dc.description.sponsorshipPrepared for U.S. Army Corps of Engineers, Washington, DC 20314-1000en_US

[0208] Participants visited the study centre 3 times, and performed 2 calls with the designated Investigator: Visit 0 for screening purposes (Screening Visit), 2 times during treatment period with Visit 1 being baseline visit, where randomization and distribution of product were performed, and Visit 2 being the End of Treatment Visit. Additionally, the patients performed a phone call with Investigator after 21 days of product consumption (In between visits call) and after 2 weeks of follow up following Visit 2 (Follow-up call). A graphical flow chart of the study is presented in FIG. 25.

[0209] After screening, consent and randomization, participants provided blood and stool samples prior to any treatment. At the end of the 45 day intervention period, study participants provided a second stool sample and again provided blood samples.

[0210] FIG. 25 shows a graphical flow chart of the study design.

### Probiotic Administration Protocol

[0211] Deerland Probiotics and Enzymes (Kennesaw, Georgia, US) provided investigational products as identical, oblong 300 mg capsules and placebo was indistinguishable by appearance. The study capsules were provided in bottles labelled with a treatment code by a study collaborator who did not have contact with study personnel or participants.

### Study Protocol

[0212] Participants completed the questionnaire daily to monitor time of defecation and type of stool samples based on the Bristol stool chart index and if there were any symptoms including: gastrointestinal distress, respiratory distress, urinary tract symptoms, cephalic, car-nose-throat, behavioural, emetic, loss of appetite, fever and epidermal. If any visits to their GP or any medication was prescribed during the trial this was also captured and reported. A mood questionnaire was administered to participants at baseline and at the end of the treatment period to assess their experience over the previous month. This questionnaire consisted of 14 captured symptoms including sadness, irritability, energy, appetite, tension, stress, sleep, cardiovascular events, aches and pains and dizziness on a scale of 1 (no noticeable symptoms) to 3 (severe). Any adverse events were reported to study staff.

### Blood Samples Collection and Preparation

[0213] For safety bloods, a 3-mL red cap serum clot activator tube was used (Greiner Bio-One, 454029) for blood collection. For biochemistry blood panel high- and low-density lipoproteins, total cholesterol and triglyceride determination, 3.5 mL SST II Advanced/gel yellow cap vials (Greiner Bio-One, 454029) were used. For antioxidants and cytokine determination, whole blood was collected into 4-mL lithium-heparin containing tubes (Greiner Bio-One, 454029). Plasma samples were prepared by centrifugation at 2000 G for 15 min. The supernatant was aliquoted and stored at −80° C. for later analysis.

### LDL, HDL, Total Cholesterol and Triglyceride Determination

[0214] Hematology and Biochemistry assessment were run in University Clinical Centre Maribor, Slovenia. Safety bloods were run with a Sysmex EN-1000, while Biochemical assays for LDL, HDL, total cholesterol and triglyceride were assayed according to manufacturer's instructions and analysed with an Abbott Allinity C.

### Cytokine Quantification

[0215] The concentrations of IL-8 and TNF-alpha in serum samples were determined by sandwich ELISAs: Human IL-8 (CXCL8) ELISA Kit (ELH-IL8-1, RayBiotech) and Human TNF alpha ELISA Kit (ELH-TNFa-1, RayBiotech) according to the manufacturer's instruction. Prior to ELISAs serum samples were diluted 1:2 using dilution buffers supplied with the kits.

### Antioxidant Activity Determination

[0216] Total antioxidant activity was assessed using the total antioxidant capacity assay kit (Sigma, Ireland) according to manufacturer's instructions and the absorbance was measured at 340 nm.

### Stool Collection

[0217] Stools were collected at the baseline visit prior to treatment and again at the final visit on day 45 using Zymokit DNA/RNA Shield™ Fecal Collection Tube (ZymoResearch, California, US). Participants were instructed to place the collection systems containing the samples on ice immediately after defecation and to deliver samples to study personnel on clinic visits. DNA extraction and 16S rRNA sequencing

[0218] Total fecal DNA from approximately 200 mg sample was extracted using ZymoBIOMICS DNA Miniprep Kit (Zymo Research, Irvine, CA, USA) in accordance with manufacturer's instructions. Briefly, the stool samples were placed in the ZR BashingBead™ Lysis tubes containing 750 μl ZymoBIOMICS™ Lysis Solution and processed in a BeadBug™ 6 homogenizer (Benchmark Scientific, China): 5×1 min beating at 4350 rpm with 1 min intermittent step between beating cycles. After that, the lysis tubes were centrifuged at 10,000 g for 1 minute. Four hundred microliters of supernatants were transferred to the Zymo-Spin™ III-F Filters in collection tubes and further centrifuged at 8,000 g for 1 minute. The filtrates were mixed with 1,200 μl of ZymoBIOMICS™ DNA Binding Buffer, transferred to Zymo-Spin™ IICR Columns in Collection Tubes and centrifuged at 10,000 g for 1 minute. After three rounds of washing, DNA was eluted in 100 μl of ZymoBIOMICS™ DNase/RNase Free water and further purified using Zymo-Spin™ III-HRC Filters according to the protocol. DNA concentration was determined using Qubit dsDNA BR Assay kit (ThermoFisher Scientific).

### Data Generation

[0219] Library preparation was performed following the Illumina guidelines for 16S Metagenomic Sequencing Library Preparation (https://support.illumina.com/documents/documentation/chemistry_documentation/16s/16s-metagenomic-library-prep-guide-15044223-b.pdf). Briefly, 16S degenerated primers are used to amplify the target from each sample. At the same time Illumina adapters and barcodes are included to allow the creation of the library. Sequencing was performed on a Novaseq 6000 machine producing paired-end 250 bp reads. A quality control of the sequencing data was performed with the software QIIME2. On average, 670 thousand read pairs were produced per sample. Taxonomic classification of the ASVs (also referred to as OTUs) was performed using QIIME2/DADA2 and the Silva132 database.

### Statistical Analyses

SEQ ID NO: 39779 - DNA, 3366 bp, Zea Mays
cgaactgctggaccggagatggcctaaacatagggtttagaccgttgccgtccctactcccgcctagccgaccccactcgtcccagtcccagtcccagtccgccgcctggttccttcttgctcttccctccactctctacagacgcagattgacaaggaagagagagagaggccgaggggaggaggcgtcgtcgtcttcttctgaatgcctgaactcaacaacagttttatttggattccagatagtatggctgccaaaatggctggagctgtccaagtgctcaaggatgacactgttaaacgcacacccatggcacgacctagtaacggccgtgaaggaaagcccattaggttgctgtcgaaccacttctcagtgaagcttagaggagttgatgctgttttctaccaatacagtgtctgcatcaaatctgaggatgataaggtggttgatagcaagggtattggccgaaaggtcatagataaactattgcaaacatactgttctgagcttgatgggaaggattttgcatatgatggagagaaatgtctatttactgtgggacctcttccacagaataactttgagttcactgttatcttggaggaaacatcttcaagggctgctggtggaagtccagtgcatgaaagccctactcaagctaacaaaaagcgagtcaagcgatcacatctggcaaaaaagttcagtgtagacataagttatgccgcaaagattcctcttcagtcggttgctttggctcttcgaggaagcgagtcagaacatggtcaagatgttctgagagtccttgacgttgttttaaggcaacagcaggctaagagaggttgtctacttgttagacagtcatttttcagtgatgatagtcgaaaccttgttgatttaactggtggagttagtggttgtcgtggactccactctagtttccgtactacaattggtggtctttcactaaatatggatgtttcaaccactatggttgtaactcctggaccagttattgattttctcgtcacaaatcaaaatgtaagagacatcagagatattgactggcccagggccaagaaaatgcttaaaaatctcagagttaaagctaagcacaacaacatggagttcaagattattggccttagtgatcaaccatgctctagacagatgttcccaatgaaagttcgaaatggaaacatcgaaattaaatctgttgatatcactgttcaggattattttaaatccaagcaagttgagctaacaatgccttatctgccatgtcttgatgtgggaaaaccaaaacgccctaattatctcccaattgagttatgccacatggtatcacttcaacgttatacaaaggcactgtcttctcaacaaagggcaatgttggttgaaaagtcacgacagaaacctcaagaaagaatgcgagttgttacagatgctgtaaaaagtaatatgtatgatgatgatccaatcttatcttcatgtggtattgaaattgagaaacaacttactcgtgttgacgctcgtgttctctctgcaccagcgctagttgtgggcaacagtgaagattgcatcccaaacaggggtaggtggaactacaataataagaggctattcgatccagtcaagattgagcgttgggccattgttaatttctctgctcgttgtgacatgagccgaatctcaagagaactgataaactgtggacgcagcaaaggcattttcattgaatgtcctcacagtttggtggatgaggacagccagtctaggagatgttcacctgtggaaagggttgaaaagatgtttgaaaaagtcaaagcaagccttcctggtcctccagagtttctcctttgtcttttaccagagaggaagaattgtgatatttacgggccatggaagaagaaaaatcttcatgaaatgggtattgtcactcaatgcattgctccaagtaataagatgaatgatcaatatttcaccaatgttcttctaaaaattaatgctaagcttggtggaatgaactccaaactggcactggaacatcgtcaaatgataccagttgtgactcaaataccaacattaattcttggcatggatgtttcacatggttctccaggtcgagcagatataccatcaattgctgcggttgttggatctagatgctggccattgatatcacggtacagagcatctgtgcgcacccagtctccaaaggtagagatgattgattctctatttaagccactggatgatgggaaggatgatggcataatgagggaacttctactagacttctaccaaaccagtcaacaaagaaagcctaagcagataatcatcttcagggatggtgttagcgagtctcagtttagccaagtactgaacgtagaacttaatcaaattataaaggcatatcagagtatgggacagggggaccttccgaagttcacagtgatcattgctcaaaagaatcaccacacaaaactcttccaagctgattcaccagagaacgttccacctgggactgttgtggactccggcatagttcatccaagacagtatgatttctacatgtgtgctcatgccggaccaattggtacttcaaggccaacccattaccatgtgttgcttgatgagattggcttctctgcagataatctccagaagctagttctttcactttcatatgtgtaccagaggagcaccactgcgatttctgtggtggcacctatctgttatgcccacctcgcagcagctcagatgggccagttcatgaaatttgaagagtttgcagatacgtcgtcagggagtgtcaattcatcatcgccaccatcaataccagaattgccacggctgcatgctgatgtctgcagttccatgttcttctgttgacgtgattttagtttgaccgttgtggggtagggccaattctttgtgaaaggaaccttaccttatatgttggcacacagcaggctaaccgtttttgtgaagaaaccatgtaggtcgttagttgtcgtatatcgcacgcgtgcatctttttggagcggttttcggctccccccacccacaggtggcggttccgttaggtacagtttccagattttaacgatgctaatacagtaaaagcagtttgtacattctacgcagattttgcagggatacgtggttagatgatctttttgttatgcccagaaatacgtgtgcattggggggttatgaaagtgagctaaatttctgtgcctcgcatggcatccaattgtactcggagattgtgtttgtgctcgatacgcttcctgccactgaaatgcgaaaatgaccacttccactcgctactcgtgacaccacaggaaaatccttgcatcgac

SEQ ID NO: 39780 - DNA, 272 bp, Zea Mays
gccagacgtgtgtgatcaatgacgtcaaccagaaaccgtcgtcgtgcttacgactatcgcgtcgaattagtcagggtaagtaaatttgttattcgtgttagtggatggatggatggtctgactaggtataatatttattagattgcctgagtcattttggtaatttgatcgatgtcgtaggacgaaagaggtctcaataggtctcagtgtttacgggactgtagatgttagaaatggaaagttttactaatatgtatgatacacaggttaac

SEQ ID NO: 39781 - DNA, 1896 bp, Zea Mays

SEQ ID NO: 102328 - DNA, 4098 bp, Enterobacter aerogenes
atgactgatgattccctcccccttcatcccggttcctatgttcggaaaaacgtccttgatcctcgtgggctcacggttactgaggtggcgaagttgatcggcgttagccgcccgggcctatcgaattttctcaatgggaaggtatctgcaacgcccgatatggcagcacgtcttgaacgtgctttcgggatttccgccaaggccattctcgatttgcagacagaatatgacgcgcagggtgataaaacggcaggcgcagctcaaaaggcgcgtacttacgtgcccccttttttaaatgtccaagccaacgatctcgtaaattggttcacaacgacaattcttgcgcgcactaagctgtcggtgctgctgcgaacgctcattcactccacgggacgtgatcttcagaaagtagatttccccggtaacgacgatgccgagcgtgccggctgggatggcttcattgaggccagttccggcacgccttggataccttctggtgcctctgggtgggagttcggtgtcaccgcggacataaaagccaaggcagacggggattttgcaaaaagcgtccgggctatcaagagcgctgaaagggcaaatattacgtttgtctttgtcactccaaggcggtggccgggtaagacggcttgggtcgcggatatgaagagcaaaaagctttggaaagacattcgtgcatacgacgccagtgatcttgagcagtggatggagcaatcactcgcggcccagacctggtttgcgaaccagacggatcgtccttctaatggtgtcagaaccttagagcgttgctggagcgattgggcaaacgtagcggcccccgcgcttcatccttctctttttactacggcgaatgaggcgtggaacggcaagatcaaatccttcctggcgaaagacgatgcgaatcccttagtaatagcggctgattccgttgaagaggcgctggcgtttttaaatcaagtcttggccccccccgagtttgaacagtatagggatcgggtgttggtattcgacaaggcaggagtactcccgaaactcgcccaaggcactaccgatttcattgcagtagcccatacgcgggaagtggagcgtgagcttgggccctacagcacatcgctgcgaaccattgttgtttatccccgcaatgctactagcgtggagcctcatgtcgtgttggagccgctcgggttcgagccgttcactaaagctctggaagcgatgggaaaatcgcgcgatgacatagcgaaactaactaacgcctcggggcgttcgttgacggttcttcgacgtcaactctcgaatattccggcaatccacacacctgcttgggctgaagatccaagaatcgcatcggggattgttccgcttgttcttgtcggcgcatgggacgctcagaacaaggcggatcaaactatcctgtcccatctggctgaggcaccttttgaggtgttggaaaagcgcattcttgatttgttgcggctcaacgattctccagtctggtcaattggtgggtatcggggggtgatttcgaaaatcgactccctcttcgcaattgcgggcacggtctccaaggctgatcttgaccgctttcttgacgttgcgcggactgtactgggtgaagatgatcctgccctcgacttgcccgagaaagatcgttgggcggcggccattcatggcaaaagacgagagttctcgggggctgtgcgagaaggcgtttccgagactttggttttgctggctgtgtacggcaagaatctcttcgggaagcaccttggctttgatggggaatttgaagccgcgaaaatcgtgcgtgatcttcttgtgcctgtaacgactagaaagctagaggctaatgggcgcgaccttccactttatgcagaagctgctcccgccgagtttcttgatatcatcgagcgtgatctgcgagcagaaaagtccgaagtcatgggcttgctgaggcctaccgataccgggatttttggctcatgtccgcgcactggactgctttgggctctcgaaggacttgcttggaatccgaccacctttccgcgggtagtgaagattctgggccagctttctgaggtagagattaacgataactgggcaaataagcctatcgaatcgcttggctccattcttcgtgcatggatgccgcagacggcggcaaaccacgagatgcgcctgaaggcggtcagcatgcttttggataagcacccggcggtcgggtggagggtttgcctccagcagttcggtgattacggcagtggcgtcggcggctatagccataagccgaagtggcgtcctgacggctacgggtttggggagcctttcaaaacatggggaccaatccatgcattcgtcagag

dc.description.tableofcontentsPreface . . . . . . . . . . . . . . . . . . . . . . . . . . . . . . . . . . . . . . . . . . . . . . . . .. Vlll 1-Introduction . . . . . . . . . . . . . . . . . . . . . . . . . . . . . . . . . . . . . . . . . . . 1 2-Wetlands Hydraulic and Hydrologic Processes . . . . . . . . . . . . . . . . 5 Wetland Basin Characteristics . . . . . . . . . . . . . . . . . . . . . . . . . . . . . . . 5 Precipitation . . . . . . . . . . . . . . . . . . . . . . . . . . . . . . . . . . . . . . . . . . . 6 Evaporation and Transpiration . . . . . . . . . . . . . . . . . . . . . . . . . . . . . . 6 Channel and Overbank Flow . . . . . . . . . . . . . . . . . . . . . . . . . . . . . . . 6 Overland Flow . . . . . . . . . . . . . . . . . . . . . . . . . . . . . . . . . . . . . . . . . 7 Groundwater Recharge and Discharge . . . . . . . . . . . . . . . . . . . . . . . . . 7 Tidal and Related Flows . . . . . . . . . . . . . . . . . . . . . . . . . . . . . . . . . . 8 3--Cache River Data Analysis . . . . . . . . . . . . . . . . . . . . . . . . . . . . . . . . 9 Introduction . . . . . . . . . . . . . . . . . . . . . . . . . . . . . . . . . . . . . . . . . . . 9 Data, Reviewed. . . . . . . . . . . . . . . . . . . . . . . . . . . . . . . . . . . . . . . . . 11 Data Presentation . . . . . . . . . . . . . . . . . . . . . . . . . . . . . . . . . . . . . . 14 River Flows . . . . . . . . . . . . . . . . . . . . . . . . . . . . . . . . . . . . . . . . . . 18 Data Analysis . . . . . . . . . . . . . . . . . . . . . . . . . . . . . . . . . . . . . . . . . 22 4 Model Development . . . . . . . . . . . . . . . . . . . . . . . . . . . . . . . . . . . . 33 Spatial md Temporal Resolution . . . . . . . . . . . . . . . . . . . . . . . . . . . . 33 Surface Water Module . . . . . . . . . . . . . . . . . . . . . . . . . . . . . . . . . . . 36 Vertical Processes Module . . . . . . . . . . . . . . . . . . . . . . . . . . . . . . . . 4 3 Horizontal Groundwater Flow Module . . . . . . . . . . . . . . . . . . . . . . . . 49 Model Linkage . . . . . . . . . . . . . . . . . . . . . . . . . . . . . . . . . . . . . . . . 54 Stability Conditions . . . . . . . . . . . . . . . . . . . . . . . . . . . . . . . . . . . . . 54 5-Model Testing . . . . . . . . . . . . . . . . . . . . . . . . . . . . . . . . . . . . . . . . 56 Surface Water flows . . . . . . . . . . . . . . . . . . . . . . . . . . . . . . . . . . . . 56 Vertical Processes . . . . . . . . . . . . . . . . . . . . . . . . . . . . . . . . . . . . . . 59 Horizontal Groundwater Flow . . . . . . . . . . . . . . . . . . . . . . . . . . . . . . 63 &-PC Module . . . . . . . . . . . . . . . . . . . . . . . . . . . . . . . . . . . . . . . . . . 65 Overview . . . . . . . . . . . . . . . . . . . . . . . . . . . . . . . . . . . . . . . . . . . . 65 Surface Water Module Selection . . . . . . . . . . . . . . . . . . . . . . . . . . . . 66 Vertical Processes Module Selection . . . . . . . . . . . . . . . . . . . . . . . . . 67 Horizontal Groundwater Module Selection . . . . . . . . . . . . . . . . . . . . . 69 Model Execution . . . . . . . . . . . . . . . . . . . . . . . . . . . . . . . . . . . . . . . 69 Output Manipulation . . . . . . . . . . . . . . . . . . . . . . . . . . . . . . . . . . . . 69 7-Cache River Simulations . . . . . . . . . . . . . . . . . . . . . . . . . . . . . . . . . 71 Model Grid . . . . . . . . . . . . . . . . . . . . . . . . . . . . . . . . . . . . . . . . . . 71 Model Calibration . . . . . . . . . . . . . . . . . . . . . . . . . . . . . . . . . . . . . . 71 Model Sensitivity . . . . . . . . . . . . . . . . . . . . . . . . . . . . . . . . . . . . . . 77 Downstream Boundary Conditions . . . . . . . . . . . . . . . . . . . . . . . . . . 78 Scenarios . . . . . . . . . . . . . . . . . . . . . . . . . . . . . . . . . . . . . . . . . . . . 81 8-Future Needs in Wetlands Hydraulic and Hydrologic Modeling . . . . . . 87 Model Improvements . . . . . . . . . . . . . . . . . . . . . . . . . . . . . . . . . . . 87 Future Applications . . . . . . . . . . . . . . . . . . . . . . . . . . . . . . . . . . . . . 88 Simplified Methods . . . . . . . . . . . . . . . . . . . . . . . . . . . . . . . . . . . . . 89 9 Summary . . . . . . . . . . . . . . . . . . . . . . . . . . . . . . . . . . . . . . . . . . . . 93 1 0---References . . . . . . . . . . . . . . . . . . . . . . . . . . . . . . . . . . . . . . . . . . 96 Appendix A: Cache River Cross Sections . . . . . . . . . . . . . . . . . . . . . A1 SF298en_US